It is not unusual for individuals to have different views on estate planning. Some parties may immediately consider it beneficial, and others may think it unnecessary or at least a low priority. Of course, even California residents who have created wills and other estate planning documents may not use their plans to full advantage if they make mistakes when naming beneficiaries.
One major issue that could lead to probate issues relates to not naming any beneficiaries at all. Some individuals may feel comfortable letting the court and state law dictate which surviving relatives receive what. However, not making designations could lead to drawn-out legal proceedings, and surviving loved ones could face conflict and contention over assets. Additionally, even if a person did have specific individuals in mind for bequests, if those ideas are not documented, they cannot be known in court.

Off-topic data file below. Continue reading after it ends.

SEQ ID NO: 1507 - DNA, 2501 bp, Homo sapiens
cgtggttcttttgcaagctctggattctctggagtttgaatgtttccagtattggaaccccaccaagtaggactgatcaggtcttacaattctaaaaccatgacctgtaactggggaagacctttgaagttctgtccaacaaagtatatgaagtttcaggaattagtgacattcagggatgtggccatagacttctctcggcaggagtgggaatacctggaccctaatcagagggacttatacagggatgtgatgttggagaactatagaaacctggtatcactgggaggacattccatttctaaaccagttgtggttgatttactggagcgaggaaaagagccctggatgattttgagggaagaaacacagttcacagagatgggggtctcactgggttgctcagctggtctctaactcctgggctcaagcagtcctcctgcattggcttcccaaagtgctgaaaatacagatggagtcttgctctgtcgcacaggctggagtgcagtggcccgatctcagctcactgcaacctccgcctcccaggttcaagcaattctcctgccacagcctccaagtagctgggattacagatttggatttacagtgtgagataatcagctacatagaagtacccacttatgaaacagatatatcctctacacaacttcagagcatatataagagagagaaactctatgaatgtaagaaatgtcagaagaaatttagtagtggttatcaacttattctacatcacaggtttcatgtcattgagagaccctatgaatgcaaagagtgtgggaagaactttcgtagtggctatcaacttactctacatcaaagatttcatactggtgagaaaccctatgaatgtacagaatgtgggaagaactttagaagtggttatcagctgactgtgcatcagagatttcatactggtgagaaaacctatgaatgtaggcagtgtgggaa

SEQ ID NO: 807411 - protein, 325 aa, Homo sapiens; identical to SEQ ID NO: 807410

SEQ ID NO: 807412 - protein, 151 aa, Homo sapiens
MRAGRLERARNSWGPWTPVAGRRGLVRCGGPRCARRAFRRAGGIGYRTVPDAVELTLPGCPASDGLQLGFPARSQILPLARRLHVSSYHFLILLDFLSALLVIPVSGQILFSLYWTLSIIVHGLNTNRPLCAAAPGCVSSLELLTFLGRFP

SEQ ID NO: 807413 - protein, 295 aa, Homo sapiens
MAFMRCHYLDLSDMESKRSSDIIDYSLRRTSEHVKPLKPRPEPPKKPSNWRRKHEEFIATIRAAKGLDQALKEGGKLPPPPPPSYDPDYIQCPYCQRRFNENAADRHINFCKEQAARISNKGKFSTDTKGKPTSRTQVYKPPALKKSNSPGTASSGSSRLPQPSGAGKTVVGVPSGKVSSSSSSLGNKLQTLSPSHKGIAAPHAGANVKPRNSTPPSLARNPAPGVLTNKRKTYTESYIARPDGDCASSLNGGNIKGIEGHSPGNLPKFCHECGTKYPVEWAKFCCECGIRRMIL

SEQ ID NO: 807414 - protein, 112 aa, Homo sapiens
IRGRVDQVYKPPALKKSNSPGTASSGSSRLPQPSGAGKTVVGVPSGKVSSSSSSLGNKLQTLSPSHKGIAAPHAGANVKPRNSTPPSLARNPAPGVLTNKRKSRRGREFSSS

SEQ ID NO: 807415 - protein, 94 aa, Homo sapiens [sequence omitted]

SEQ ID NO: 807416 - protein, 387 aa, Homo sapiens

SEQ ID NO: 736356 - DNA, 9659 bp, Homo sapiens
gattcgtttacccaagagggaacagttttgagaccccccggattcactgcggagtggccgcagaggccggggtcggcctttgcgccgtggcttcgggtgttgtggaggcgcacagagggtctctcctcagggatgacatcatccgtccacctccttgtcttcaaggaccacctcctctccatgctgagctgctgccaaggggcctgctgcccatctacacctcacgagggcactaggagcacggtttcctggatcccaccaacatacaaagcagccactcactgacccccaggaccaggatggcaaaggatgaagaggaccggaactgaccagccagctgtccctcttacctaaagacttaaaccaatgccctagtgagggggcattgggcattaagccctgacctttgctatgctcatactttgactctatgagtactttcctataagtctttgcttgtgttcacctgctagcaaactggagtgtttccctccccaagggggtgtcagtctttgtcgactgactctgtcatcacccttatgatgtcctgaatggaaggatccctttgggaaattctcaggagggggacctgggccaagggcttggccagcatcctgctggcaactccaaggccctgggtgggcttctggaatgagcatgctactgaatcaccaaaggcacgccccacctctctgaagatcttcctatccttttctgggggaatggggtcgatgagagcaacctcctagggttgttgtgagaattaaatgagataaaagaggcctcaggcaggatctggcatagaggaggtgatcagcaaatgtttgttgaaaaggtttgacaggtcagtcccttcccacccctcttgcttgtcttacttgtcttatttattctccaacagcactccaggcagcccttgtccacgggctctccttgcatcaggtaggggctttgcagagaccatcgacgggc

Another issue that could arise relates to not updating estate plans. If parties made wills and named beneficiaries, they have taken useful first steps. However, if they do not look at their plans again, they could risk having outdated beneficiaries. This could mean that a deceased person is still named in the will or that a newer family member was left out.
Wills can play a major role in estate planning, and because of their importance, California residents may want to give these documents the attention they deserve. Keeping estate plans in mind even after their creation could help individuals avoid creating unnecessary hardships for their loved ones later on. Parties interested in creating or updating estate plans may wish to look into their legal options.
Source: wtop.com, "7 common mistakes to avoid when naming your beneficiaries", Nina Mitchell, Feb. 21, 2018